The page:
What is a no confidence vote? Why Boris Johnson is facing one, what it means, what happens and how it works

The announcement was made after it was confirmed that enough letters from Conservative MPs had been receieved in order to trigger the ballot

Later today (Monday 6 June), current Prime Minister Boris Johnson will face a vote of no confidence after it was confirmed by Sir Graham Brady, the chairman of the backbench 1922 Committee, that he had received the 54 letters from Conservative MPs needed to trigger the ballot.

But what exactly is a no confidence vote? Theresa May faced one during her time as Prime Minister in December 2018 but ultimately survived it before she resigned in 2019, where she was succeeded by Johnson.

This is everything you need to know.

What is a no confidence vote?

Simply put, a no confidence vote is a motion which questions whether a person in a position of responsibility, in this case the Prime Minister, is fit to hold said position.

The vote will determine Johnson’s future as Prime Minister following a number of public scandals during his time at No 10, including the now infamous Partygate fiasco.

British Prime Minister Boris Johnson attends the National Service of Thanksgiving to Celebrate the Platinum Jubilee of Her Majesty The Queen at St Paul’s Cathedral on June 3, 2022 in London, England (Photo by Victoria Jones - WPA Pool/Getty Images)

In order for Johnson to win the vote, he must secure at least 50%, plus one vote support from the parliamentary party - this equals to 180 votes for the current Prime Minister.

How did the vote come around?

The rules state that a no confidence vote can only be triggered if at least 15% of Conservative MPs submit a letter of no confidence to Sir Graham, something which has been confirmed.

With there currently being 359 Tory MPs currently, that means at least 54 MPs had to submit a letter.

1922 Committee Chairman Sir Graham Brady leaves Downing Street on April 08, 2019 in London, England. (Photo by Dan Kitwood/Getty Images)

In a statement, Sir Graham said: “The threshold of 15% of the parliamentary party seeking a vote of confidence in the leader of the Conservative Party has been exceeded.”

How is it held?

The vote is held via secret ballot and will take place tonight, between 6pm and 8pm, with the votes counted immediately afterwards.

It is expected that the ballot box will be placed in a meeting room usually held for the 1922 Committee, situated on the first floor of the Palace of Westminster.

UK Prime Minister Boris Johnson returns to 10 Downing Street from the House of Commons following PMQs on May 25, 2022 in London, England (Photo by Leon Neal/Getty Images)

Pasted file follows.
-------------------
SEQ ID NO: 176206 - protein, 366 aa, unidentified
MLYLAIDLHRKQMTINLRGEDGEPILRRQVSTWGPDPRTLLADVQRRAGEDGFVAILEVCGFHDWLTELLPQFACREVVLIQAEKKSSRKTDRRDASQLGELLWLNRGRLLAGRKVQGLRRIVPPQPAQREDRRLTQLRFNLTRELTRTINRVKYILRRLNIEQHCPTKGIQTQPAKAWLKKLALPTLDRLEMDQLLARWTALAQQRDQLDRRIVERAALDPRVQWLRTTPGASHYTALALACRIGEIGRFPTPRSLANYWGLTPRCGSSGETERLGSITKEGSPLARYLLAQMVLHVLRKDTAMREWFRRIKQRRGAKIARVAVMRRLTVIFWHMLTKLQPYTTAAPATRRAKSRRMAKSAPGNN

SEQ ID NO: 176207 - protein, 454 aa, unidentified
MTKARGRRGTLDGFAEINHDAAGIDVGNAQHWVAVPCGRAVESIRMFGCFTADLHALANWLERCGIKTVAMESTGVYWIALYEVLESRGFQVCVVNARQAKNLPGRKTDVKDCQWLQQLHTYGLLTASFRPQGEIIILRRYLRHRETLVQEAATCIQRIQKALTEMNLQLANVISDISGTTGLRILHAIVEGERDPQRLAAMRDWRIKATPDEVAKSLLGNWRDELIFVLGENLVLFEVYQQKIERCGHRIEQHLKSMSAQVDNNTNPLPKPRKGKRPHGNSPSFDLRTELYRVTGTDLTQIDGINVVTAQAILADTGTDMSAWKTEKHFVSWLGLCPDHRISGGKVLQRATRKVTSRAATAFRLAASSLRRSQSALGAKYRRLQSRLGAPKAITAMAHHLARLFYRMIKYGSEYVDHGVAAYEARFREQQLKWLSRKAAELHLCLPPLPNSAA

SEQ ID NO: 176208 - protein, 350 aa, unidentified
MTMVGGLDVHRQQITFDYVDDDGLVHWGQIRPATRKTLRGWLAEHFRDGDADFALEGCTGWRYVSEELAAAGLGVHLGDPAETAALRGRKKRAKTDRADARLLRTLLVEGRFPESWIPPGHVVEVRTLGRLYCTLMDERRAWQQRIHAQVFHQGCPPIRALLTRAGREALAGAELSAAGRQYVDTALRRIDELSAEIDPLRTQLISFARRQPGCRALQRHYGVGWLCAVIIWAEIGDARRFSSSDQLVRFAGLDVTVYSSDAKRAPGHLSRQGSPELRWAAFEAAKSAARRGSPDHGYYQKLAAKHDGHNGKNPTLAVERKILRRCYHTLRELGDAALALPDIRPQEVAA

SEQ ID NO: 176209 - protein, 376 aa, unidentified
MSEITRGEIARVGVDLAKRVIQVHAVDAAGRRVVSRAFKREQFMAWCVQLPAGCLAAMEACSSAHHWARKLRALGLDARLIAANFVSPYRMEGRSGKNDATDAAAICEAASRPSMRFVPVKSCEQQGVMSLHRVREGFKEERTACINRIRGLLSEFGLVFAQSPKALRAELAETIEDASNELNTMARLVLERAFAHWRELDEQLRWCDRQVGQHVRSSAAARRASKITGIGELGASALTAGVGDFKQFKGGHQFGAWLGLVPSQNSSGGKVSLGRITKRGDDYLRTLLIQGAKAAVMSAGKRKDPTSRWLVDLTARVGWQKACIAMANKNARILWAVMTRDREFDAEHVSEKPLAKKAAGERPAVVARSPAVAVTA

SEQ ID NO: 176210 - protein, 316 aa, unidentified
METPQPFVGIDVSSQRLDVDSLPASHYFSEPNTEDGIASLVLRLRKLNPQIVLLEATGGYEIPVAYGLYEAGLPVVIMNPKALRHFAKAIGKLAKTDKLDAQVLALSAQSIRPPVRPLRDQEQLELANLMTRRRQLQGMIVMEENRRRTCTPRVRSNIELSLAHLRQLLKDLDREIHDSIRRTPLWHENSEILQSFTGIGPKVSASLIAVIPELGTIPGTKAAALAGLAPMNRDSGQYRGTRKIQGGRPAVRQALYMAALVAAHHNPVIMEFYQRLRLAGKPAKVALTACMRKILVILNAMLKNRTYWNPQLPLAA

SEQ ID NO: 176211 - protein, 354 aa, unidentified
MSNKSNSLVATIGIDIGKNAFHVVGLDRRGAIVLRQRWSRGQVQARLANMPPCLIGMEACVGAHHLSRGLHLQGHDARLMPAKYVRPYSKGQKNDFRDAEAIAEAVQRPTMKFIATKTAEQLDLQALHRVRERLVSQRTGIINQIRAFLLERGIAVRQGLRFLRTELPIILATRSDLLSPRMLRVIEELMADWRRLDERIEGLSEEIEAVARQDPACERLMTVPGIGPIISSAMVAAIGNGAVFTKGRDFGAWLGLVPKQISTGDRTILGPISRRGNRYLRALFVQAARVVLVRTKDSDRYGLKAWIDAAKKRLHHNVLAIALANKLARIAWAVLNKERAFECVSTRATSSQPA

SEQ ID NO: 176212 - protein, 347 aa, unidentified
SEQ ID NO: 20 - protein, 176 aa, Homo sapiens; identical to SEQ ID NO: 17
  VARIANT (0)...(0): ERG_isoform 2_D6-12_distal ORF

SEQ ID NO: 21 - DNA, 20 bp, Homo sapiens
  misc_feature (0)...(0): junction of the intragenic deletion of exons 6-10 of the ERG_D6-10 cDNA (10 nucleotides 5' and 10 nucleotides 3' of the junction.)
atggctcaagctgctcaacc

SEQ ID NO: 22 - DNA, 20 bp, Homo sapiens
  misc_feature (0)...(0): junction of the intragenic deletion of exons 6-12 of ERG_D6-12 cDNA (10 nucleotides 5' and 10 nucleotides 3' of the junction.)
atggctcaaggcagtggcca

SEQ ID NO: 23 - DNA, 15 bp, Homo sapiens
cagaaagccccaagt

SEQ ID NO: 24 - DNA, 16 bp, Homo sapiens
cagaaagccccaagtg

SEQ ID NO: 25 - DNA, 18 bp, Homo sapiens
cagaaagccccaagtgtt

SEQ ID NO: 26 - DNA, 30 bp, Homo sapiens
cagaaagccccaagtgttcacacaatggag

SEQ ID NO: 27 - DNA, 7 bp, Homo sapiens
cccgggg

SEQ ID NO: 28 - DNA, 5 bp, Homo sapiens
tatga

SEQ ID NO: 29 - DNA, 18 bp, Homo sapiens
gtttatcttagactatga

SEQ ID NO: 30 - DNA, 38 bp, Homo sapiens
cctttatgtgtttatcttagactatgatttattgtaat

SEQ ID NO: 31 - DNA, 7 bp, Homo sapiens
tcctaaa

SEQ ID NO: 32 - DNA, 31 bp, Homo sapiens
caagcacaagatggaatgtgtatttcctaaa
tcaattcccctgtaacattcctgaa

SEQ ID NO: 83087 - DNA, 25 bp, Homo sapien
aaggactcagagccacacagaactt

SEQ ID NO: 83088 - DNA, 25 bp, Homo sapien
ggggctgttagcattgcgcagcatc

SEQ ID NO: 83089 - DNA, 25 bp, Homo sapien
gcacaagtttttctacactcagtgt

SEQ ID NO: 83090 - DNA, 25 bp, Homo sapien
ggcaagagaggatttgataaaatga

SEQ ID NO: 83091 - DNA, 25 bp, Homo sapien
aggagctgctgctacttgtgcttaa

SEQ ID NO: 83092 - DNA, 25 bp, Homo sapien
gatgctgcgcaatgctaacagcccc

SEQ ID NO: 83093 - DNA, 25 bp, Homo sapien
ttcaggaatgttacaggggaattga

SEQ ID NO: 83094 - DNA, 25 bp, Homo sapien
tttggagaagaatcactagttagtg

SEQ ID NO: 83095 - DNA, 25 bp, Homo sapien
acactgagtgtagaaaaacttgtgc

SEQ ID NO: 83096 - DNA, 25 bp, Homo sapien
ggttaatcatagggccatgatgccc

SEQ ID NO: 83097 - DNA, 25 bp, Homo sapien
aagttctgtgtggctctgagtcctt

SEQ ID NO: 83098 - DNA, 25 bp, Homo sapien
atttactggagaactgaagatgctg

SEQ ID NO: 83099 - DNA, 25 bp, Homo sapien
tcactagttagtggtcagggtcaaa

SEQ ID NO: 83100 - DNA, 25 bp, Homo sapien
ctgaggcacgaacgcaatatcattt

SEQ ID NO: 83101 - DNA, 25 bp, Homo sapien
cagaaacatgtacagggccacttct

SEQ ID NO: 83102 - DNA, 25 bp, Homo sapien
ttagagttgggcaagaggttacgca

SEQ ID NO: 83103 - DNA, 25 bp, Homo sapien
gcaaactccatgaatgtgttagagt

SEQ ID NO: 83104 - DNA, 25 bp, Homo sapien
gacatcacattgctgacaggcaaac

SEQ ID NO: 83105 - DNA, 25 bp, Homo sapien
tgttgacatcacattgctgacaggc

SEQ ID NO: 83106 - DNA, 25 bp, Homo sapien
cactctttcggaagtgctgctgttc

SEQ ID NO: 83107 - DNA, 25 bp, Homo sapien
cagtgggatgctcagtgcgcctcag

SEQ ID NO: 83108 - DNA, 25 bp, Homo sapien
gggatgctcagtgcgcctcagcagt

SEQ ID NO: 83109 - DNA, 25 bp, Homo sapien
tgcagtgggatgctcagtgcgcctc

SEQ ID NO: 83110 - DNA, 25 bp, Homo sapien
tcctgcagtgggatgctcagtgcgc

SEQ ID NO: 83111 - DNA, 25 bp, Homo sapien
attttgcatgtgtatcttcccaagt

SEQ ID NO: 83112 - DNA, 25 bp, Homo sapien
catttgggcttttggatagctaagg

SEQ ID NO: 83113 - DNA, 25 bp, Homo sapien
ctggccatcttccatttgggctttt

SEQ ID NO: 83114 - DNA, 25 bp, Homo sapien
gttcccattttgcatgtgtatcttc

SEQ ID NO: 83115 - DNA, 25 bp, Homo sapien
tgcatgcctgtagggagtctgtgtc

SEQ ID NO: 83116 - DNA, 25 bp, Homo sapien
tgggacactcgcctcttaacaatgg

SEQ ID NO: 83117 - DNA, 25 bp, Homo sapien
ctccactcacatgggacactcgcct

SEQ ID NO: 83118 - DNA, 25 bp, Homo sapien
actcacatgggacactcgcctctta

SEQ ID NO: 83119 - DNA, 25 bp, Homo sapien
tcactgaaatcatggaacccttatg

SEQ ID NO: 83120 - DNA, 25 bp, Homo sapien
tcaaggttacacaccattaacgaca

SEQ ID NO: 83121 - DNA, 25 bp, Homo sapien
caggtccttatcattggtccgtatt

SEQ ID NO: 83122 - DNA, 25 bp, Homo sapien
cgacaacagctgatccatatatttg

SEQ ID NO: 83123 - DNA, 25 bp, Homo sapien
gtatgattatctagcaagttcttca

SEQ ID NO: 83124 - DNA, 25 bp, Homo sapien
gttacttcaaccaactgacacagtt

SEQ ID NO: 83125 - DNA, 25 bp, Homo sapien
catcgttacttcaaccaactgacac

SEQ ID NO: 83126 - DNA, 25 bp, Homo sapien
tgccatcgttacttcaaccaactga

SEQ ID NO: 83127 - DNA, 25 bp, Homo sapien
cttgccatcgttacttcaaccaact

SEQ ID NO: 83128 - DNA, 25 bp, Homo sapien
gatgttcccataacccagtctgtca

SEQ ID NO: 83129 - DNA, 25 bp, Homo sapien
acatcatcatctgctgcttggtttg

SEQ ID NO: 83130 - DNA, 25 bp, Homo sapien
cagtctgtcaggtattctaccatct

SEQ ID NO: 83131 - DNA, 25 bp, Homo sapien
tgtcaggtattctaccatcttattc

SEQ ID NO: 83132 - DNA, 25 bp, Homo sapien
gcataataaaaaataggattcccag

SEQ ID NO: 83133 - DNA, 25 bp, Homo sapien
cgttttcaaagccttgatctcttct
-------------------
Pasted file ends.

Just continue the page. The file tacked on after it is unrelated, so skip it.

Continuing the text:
Tory MPs are forbidden from taking any pictures inside the room - this is to prevent party whips from demanding photographic evidence that an MP has voted in support of the PM.

Should an MP be away from Westminster today, they can nominate a colleague to vote on their behalf as a proxy.

After the vote concludes, Sir Graham will gather MPs and journalists in the same room it was held in to declare whether or not Johnson has won or lost the vote. He will then break down the number of votes cast in either direction.

What happens if Boris Johnson loses?

Should Johnson get less than 180 votes, the Conservative Party will choose a new leader and thus a new Prime Minister.

The UK requires a Prime Minister to remain in place at all times, so Johnson would be expected to continue in the role until his successor was selected. For reference, when Johnson replaced May in 2019, this process took two months.

Members will vote on a choice of two candidates, which have been whittled down by an earlier round of voting amongst Tory MPs. Johnson will be barred from standing in the leadership contest.


Should Johnson wish to leave the post immediately, an interim PM would need to be chosen - most likely this would be Dominic Raab as he is deputy Prime Minister.

The Parliament website states: “Traditionally, governments that have lost a confidence vote have either resigned in favour of an alternative administration, or the Prime Minister has requested a dissolution from the Queen, triggering a general election.”

What happens if Boris Johnson wins?

Under party rules, a leader who wins a confidence vote is safe from another challenge for 12 months - however, these rules can easily change.

Theresa May gives a speech outside 10 Downing street in London on July 24, 2019 before formally tendering her resignation (Photo by BEN STANSALL/AFP via Getty Images)

While May survived her no confidence vote, she was forced to announce the timescale for her departure under threat of a rule change and a new vote. She announced her resignation six months later.

Should Johnson secure a victory by only a thin margin, his future prospects look all the more uncertain.